gcc Command: Tutorial & Examples
Compile C files
gcc command is the GNU Compiler Collection - a set of programming language compilers produced by
the GNU Project. It is mainly used to compile and link C and C++ programs, although it has
frontends for other programming languages as well.
How it works
gcc command takes source code files as inputs, then it translates these files into executable programs or
libraries. It performs a series of steps: preprocessing, compilation, assembly, and linking to convert your written code
into a format that can be run on a computer (machine code).
What it is used for
gcc command is essential for developing software on Linux, it is used to compile and debug C and C++ programs.
It's not just a compiler, it's a complete suite of software development tools that enhance productivity and aid in
Why it is important
gcc, or similar compilers, your written code would just be a text file.
gcc makes it possible to execute
your code on a computer. It is the bridge between human-readable code and machine-executable instructions.
How to use it
The basic syntax of the
gcc command is:
gcc [options] [source files] [object files] [-o output file]
Here are some examples:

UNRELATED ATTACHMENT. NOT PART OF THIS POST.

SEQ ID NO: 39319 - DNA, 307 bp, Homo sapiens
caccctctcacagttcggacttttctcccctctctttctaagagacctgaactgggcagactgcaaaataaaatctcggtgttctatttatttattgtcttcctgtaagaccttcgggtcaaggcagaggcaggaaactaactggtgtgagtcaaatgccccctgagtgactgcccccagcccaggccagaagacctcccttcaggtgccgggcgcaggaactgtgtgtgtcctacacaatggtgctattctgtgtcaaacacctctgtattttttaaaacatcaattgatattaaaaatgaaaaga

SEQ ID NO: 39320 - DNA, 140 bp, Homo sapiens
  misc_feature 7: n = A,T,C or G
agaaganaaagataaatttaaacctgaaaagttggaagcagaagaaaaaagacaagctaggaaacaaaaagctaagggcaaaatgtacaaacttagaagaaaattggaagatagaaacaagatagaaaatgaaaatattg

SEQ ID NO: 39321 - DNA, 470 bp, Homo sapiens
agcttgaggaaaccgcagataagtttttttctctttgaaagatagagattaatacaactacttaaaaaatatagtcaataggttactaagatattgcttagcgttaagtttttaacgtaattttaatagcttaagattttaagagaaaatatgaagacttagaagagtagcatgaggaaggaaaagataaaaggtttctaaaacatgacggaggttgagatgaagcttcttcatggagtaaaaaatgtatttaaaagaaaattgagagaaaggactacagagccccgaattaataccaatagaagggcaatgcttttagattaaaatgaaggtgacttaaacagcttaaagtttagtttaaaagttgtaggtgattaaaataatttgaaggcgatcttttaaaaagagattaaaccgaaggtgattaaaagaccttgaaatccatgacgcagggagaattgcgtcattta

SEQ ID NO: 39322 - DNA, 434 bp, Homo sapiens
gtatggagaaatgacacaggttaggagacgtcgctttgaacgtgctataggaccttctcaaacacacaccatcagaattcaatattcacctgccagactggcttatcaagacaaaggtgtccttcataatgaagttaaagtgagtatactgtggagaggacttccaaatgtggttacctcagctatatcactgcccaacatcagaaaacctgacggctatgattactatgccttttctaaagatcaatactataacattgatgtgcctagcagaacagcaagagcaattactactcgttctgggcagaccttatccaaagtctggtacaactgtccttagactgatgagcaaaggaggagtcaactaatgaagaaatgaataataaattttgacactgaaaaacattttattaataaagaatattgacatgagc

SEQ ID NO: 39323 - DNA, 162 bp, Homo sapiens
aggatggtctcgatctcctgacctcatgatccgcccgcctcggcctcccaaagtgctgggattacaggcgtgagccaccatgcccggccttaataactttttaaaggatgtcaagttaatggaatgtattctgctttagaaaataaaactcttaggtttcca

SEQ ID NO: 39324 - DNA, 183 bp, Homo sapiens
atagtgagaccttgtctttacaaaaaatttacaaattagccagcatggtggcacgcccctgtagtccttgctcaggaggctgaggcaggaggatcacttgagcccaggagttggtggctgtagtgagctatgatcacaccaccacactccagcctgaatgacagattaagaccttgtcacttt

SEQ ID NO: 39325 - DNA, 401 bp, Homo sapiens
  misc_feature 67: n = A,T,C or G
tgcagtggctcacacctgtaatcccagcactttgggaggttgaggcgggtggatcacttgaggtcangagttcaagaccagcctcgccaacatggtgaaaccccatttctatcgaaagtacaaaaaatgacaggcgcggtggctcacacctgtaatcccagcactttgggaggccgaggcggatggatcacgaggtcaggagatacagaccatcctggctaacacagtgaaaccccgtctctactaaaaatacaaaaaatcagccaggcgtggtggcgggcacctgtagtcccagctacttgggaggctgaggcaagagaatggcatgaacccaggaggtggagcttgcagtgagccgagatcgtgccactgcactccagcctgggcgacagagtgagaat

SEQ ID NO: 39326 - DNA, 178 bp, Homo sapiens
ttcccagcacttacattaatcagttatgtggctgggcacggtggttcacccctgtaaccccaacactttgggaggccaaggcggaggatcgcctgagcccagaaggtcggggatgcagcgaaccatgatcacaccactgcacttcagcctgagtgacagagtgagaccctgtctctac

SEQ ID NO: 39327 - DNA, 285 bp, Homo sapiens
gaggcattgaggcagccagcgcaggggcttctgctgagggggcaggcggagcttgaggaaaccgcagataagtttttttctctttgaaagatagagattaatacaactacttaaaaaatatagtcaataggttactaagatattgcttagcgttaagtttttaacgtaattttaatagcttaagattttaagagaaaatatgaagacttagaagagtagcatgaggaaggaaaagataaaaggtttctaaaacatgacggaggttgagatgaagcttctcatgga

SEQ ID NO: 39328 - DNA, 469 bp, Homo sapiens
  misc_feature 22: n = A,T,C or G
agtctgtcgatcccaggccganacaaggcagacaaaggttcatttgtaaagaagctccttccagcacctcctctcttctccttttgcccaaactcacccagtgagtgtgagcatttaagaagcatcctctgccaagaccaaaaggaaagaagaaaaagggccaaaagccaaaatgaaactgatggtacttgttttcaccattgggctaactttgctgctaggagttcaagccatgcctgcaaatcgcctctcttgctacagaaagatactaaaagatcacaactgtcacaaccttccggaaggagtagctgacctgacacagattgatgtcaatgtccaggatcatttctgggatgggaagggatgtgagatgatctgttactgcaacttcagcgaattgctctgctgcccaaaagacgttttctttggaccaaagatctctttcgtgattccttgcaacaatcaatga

To compile a file named
This will create an executable named
a.outin the current directory.
program.cand name the output
gcc program.c -o program
To compile multiple files:
gcc program1.c program2.c -o program
Common command line parameters
-o file: This option is used to specify the name of the output file.
-g: This option is used to include debugging information in the executable file.
-c: This option is used to compile or assemble, but do not link.
-Wall: This option enables all compiler's warning messages.
-I directory: This option is used to add the directory to the list of directories to be searched for header files.
Potential problems and pitfalls
Here are some potential problems you might face when using the
- Syntax errors: If your code has syntax errors, the
gcccommand will fail. You need to fix these errors before you can compile your code.
- Linking errors: These occur when the linker can't find a library or function that's referenced in your code. Make sure you've installed all the necessary libraries and that they're in the correct location.
- Runtime errors: Even if your code compiles successfully, it might still have errors that only appear when you run the program. These can be logic errors, like an infinite loop, or resource errors, like running out of memory.